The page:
The intracellular innate immune response is triggered by the recognition of specific pathogen-associated molecular patterns (PAMPs) of host cells to restrict and remove these foreign species. RNA PAMPs often come from viruses, but can also come from cellular RNAs that are improperly capped or have other foreign RNA features, including the presence or absence of specific RNA modifications. Without pathogens, innate immunity can be also activated under a diverse set of stress conditions (e.g., ischemia reperfusion and nutrient deprivation) with significant impact on the tissue injury and regeneration. However, the underlying mechanisms remains largely unknown. Here, we propose to investigate the role of a stress-induced protein MESH1 to trigger innate immunity by regulating the levels of 3'- dephosphorylated-CoA (dpCoA) and dpCoA-capped RNAs. MESH1 is a metazoan homologue of the bacterial (p)ppGpp hydrolase SpoT that regulates bacterial stringent response triggered by various nutrient deprivations and stresses. Because neither a homologue of the (p)ppGpp synthetase nor (p)ppGpp itself has been found in metazoa, the substrates and functions of MESH1 remain unknown. We have found that MESH1 is a CoA phosphatase which is induced by ischemia-reperfusion and nutrient deprivations. Over-expression of MESH1 dramatically increases the level of dpCoA and triggers dramatic induction of the interferons and inflammatory cytokines. Therefore, we hypothesize that the elevated dpCoA upon MESH1 induction results in the appearance of dpCoA-capped RNA that is sensed as foreign RNA by RNA-sensing pathways of innate immunity. We will test this hypothesis in two specific aims. First, we will characterize the enzymatic and functional activities of MESH1 as the first mammalian CoA phosphatase and its regulation of dpCoA and CoA levels under various MESH1-inducing stress conditions. Next, we will employ thio-reactive chemistry to capture and sequence dpCoA- capped RNA species to identify functional or sequence enrichment. In addition, we will define the effects of dpCoA cap on the translation, stability and other function of the RNA. Finally, we will determine the functional role of dpCoA-capped mRNA in triggering the RNA-sensing pathways of the innate immune response upon MESH1 induction. Together, the completion of the proposed experiments will elucidate the novel enzymatic activities of CoA phosphatase in regulating the levels of the dpCoA and dpCoA-RNA. These knowledge will enhance our understanding the aberrant activation of innate immunity under various stress conditions in various human diseases.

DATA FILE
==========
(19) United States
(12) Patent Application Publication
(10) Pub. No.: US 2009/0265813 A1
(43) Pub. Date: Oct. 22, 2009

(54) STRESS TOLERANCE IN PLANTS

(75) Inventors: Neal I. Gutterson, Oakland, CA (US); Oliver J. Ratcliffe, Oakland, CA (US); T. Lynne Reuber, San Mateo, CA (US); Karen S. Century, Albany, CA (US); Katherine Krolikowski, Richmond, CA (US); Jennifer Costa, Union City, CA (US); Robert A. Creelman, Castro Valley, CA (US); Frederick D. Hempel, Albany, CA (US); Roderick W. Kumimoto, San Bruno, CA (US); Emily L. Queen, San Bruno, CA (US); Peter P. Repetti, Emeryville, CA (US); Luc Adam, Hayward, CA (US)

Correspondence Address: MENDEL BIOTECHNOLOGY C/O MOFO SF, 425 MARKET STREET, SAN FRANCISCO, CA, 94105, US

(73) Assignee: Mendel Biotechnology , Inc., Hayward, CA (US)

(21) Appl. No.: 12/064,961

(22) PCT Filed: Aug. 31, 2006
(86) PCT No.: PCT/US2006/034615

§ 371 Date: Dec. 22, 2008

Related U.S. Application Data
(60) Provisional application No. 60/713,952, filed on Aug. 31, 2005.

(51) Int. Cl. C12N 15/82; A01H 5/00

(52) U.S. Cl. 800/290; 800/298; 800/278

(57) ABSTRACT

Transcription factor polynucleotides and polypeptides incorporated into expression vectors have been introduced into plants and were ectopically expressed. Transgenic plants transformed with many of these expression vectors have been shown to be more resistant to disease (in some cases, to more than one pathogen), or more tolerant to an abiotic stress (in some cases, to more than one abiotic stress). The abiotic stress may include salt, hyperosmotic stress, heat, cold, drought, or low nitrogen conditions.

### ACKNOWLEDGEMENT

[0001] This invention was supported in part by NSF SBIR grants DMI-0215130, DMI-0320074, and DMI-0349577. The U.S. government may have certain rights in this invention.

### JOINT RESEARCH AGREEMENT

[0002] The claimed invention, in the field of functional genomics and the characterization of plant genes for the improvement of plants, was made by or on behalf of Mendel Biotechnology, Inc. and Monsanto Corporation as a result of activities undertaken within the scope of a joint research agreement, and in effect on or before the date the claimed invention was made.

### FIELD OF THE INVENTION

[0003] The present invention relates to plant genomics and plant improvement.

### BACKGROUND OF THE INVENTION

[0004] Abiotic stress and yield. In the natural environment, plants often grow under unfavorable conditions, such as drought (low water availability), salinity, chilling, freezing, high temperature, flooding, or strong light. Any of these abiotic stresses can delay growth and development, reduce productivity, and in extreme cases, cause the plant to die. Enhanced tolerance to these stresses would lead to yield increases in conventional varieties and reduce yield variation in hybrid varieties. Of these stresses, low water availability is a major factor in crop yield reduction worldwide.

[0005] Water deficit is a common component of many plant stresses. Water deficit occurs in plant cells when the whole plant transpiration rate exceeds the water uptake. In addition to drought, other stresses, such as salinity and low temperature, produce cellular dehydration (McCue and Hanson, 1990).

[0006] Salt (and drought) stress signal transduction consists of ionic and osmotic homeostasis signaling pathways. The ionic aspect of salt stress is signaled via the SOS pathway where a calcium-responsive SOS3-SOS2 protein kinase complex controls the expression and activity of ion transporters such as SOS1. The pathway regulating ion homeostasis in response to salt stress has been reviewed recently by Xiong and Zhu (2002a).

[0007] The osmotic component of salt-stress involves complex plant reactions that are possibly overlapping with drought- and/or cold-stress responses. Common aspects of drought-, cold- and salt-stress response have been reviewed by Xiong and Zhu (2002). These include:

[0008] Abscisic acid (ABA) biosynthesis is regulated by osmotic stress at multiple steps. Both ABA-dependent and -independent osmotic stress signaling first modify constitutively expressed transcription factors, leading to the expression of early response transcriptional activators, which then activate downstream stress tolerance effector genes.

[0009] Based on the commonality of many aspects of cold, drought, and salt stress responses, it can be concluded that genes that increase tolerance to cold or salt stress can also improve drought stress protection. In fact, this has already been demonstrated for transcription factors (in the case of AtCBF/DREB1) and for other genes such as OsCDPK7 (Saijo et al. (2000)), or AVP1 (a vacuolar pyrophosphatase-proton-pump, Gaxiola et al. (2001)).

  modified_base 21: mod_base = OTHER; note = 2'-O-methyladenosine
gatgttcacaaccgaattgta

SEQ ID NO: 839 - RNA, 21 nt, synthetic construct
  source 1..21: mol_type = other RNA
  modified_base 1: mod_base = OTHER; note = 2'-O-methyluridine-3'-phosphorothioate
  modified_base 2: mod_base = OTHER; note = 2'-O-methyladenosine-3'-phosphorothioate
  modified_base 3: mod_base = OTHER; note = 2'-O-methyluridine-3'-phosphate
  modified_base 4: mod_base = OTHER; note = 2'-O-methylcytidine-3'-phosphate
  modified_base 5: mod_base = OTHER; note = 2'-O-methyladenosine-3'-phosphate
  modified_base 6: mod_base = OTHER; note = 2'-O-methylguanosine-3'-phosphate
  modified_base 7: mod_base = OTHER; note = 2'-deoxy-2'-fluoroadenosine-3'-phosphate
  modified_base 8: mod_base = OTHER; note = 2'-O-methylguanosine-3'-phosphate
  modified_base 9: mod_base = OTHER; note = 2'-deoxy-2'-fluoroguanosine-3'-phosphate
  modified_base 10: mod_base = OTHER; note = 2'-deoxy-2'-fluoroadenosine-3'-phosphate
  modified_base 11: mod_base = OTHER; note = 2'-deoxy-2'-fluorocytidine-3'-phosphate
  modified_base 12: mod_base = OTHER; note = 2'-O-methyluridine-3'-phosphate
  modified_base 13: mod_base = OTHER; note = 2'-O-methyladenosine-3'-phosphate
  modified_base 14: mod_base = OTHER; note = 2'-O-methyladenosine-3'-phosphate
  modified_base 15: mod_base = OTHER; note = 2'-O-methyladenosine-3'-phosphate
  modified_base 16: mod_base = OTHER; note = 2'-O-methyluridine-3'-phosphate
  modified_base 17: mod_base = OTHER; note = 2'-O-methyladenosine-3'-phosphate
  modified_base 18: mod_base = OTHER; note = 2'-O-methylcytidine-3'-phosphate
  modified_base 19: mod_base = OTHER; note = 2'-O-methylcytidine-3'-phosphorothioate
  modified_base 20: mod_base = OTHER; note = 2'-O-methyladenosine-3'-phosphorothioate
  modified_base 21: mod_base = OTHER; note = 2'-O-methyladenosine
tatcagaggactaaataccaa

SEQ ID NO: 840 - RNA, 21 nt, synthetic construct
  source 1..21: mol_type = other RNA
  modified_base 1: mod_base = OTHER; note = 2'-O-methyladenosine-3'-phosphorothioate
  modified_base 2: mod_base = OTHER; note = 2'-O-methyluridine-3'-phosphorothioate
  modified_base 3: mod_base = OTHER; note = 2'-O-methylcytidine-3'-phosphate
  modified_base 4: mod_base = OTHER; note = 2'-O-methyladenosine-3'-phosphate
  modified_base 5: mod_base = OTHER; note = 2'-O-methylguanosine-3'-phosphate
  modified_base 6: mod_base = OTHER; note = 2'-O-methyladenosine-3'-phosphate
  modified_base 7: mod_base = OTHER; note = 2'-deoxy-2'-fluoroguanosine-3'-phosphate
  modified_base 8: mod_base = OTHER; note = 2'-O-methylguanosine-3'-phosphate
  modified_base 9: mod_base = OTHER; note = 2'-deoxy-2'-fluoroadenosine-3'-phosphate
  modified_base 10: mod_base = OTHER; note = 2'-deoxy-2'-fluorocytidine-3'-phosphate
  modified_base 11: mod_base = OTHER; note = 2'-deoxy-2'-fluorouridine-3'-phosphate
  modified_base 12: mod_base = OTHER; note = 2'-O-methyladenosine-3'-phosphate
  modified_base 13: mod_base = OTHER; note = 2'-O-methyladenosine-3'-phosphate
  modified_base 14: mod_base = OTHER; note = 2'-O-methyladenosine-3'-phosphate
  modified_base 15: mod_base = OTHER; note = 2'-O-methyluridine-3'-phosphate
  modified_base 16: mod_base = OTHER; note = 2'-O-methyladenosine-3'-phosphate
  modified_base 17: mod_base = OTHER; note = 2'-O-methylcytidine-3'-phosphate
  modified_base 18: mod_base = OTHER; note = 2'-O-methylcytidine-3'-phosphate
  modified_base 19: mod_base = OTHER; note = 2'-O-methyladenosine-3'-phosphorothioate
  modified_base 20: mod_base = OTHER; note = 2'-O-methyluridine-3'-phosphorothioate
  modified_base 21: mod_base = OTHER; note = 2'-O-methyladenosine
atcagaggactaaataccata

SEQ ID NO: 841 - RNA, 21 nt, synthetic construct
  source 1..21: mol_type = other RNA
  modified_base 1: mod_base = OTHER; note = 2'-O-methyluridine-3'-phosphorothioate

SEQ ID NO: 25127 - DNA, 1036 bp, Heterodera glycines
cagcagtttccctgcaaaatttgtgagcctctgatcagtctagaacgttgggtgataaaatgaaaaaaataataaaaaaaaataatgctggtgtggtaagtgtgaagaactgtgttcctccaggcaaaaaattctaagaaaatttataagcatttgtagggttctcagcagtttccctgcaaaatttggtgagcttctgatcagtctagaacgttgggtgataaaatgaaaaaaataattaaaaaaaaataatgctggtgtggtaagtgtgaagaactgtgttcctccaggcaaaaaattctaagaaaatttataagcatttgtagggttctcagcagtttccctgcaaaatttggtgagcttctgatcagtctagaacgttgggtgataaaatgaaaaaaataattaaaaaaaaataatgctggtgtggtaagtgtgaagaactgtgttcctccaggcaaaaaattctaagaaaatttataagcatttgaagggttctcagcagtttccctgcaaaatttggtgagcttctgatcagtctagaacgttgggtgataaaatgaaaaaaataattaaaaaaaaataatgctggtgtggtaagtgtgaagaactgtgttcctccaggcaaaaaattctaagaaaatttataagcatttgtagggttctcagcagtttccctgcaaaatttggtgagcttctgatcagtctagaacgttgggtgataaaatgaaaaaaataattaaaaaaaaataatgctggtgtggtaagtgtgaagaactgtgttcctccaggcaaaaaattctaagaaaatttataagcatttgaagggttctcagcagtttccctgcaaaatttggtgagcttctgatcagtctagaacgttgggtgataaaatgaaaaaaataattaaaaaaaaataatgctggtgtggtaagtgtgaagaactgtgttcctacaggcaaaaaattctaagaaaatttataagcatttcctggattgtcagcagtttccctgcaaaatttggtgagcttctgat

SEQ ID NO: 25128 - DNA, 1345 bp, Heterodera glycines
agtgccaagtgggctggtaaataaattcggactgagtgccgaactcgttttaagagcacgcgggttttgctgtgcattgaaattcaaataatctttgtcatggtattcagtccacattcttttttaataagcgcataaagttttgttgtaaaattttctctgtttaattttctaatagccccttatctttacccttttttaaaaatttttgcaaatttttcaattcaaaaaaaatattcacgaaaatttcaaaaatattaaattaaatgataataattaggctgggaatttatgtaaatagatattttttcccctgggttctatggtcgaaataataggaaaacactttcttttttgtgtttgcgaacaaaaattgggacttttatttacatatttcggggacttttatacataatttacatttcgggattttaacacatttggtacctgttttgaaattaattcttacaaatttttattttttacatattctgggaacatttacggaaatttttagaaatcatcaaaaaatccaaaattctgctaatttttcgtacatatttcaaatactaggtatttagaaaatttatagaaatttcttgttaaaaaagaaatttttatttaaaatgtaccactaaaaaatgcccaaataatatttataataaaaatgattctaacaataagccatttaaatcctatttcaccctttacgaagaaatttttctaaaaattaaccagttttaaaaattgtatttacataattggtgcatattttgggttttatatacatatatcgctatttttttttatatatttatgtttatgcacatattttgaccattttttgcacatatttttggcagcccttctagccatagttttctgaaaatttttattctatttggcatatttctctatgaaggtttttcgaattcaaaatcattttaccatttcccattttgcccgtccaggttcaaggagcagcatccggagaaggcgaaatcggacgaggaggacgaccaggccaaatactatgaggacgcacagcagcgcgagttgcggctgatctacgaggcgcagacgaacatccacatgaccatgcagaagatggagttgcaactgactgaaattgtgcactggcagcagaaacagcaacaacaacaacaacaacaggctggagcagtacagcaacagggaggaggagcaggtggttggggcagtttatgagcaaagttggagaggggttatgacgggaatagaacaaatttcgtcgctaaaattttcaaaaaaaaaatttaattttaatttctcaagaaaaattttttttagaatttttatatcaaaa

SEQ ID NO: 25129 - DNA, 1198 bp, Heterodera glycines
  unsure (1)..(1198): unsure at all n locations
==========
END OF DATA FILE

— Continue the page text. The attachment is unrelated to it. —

Innate immunity and inflammatory response is often triggered by various tissue injuries with important roles in the tissue repair and regeneration. The proposed study will investigate a new mechanism by which these innate immunity is triggered through a new enzyme and a new form of RNA modification.